Department of Computer Science

 Summer Session II, 1998
Introduction to Computers & Programming A22.0002
M, T, W, TH 11:30-1:05 (June 29-August 7)
 


Instructor: Dennis Anderson
Office: Warren Weaver Hall, 427
Office Hours: TH 9:30-11:30 or by appointment
Telephone: 998-3090
Email: andersnd@cs.nyu.edu
WWW: http://www.cs.nyu.edu/~andersnd/anderson.html
E-mail: andersnd@cs.nyu.edu
 

Student List


Course Description

There are several goals to this course. The title "Introduction to Computers & Programming" is intended to emphasize the two important elements of the course: learning how to use computers and understanding the concepts behind them as well. In this course we will talk about (and demonstrate) the use of general computer applications and elemetary programming in Pascal. The characteristics of computers are discussed and students design, code, and debug programs using the language Pascal. We will survey many different aspects of computer programming and their use in our day to day activities (and some critical issues).

Prerequisite

None, except junior high school mathematics

Required Textbooks

Supplementary books will be assigned as needed.

Software

No purchase is required except you need a few 3.5" HD diskettes for the course.

Grading

Homework Assignments = 30%, Participation = 10%, Term Project (Due 8/5/97) = 30%, Final Exam (8/7/97)= 30%

GRADER: BinTao Feng

Homework Click here to get your assignments!!

Late assignments will be penalized. (50-100%) Penalties will not be waived without a proper note. In the case of the exams, your note from a physician must specifically state that you were not able to attend the exam. Collaboration (NOT copying) on assignments is allowed but you must turn in YOUR WORK. Violation of this policy will be considered plagiarism.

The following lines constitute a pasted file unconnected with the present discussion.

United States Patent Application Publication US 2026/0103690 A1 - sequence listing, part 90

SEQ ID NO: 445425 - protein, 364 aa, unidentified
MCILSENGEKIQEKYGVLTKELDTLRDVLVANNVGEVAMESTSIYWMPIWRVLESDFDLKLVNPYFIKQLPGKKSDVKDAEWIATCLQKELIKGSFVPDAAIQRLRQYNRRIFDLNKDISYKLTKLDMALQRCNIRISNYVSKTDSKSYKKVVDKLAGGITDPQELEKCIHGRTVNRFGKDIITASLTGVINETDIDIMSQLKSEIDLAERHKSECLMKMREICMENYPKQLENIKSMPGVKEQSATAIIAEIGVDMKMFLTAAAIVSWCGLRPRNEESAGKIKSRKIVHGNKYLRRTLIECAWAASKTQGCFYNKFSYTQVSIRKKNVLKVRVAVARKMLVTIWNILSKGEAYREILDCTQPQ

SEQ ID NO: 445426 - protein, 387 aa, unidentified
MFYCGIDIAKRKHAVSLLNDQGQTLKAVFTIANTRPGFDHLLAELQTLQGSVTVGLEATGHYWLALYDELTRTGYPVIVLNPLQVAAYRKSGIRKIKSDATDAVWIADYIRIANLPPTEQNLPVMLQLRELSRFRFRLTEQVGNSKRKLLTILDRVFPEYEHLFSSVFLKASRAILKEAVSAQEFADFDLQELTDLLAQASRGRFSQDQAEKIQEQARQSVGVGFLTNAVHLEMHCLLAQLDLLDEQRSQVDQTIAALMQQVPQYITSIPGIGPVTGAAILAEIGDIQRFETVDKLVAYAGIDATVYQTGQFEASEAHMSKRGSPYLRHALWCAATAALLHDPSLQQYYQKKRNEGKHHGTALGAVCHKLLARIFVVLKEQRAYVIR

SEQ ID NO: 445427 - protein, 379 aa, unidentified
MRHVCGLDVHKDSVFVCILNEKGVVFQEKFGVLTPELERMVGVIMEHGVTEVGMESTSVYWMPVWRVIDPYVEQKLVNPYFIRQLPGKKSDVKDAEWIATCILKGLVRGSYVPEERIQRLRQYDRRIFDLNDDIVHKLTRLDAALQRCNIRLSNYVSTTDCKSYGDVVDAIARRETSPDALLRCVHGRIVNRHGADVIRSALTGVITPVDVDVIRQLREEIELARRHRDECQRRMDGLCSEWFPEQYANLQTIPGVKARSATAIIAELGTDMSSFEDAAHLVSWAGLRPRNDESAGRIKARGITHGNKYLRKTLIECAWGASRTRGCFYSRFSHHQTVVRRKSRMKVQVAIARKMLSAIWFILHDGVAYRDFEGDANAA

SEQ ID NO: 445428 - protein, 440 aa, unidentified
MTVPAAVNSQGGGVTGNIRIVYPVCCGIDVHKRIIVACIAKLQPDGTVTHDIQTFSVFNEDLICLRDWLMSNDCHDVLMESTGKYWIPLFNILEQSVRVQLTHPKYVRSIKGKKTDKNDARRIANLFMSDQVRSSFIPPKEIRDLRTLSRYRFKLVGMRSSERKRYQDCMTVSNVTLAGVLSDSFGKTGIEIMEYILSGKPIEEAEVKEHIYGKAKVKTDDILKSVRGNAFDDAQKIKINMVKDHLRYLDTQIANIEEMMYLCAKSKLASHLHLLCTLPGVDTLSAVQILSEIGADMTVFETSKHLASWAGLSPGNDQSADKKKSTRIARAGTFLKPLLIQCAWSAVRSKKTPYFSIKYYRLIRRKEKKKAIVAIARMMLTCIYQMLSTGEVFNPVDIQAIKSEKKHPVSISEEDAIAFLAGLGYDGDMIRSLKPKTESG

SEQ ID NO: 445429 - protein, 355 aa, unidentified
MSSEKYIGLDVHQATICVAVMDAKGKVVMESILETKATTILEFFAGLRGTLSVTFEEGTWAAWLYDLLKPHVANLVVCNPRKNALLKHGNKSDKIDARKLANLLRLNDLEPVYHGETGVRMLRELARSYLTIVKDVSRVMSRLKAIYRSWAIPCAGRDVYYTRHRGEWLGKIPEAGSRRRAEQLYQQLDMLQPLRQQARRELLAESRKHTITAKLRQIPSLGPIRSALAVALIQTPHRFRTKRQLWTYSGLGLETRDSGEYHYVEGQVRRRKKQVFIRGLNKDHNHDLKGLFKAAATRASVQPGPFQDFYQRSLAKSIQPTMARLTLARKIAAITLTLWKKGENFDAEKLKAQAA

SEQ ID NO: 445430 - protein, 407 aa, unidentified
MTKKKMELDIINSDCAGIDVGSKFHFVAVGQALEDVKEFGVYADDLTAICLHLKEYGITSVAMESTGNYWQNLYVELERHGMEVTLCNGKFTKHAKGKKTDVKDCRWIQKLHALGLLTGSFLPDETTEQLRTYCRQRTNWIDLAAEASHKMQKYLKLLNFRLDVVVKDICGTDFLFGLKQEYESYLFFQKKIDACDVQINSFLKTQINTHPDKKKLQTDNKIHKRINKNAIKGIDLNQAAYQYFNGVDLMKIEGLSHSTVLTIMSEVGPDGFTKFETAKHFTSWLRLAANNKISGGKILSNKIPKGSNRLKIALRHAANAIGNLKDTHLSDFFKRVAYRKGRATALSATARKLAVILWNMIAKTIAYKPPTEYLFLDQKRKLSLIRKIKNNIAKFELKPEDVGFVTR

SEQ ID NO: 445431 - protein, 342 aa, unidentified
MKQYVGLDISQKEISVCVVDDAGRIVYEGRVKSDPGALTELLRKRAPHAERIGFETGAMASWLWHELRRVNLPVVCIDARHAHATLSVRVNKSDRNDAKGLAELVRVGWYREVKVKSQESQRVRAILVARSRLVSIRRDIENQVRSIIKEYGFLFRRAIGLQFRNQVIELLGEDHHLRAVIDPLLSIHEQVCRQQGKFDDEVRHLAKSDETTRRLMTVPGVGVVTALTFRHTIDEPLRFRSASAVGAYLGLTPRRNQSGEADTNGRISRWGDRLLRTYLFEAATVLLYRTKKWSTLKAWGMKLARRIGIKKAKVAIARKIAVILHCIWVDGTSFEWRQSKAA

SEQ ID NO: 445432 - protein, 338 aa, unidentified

HW Grading Factors

  •    Clarity of program (30%)

  •       Comments (i.e., general comments about your program, variables, documentation, etc.)
          Style (i.e., indentations, spacing between programs, lower/upper cases, etc.)
  •    Accuracy of program (30%)

  •       Did you understand the given problem correctly?
          Did you implement the program correctly?
          Is it Bug Free?
  •    Executability (20%)

  •      Does it work?
         Is it doing what it is supposed to?
         Any errors? (Syntactic/Semantic)
  •   Userfriendliness (20%)

  •      Is it easy to understand and use?
         Did you include the following items:
            cover page? summary page? user manual/comments?
        Are these clear enough?

    Computer Labs

    (You must register during the first week of classes.)
     Education Building-2nd floor, North Dorm, Stern Computer Lab

    Tisch Hall

    40 W. 4th St. Room LC-8
    Monday - Friday, 8:30 a.m. - 11:30 p.m.
    Saturday - 8:30 a.m. - 5:30 p.m.
    Sunday - closed

    General Course Information

    The homework will consist of programming assignments. They must be done on the computer. One point will be deducted for each class day late, with a possible maximum of 4 points being deducted. Please submit both the program and the output stapled together (+ cover page w/ your course number and name). Please buy a few high-density disks, all programs must be saved on a disk and backed-up on another disk.

    Lecture Schedule (Tentative)

    1.  Introduction to Computers
    2.  Introduction to Computer Science
    3.  Programming Planning
    Chapter 2. Pseudocode and Top down design will be stressed. Examples from different fields will be discussed.
    4.  An Introduction to Pascal
    Chapter 3. Identifiers, assignment statements, data types, I/O. All of the answers to the exercises in the book will be available in a computer directory. Students are encouraged to look at all of them.
    5.  I/O in detail
    Chapter 4. Formatting output and reading all the available types. Skip Section 4.6; it is too technical. The student should understand how bufferring of data helps to read data.
    6.  The FOR loop and Ordinal Types
    Chapter 5. Simple loops and nested loops. How data is actually read by the computer -- all data is read as characters. For instance, the number 8 is just a symbol; it must be interpreted by the compiler.
    7.   Procedures
    Chapter 6. Top-down design. Variable and value parameters. Skip Section 6.6.
    8.   The branching statements
    Chapter 7. The IF and CASE statements.
    9.   Indefinite looping constructs
    Chapter 8. Section 8.1 to 8.3, the WHILE loop.
    10. Arrays
    Chapter 10. Sections 10.1, 10.2 and 10.5. Chapter 12, 13 Arrays and why they are essential.


    Comments to Prof. Dennis Anderson at andersnd@cs.nyu.edu

     Last update May 98


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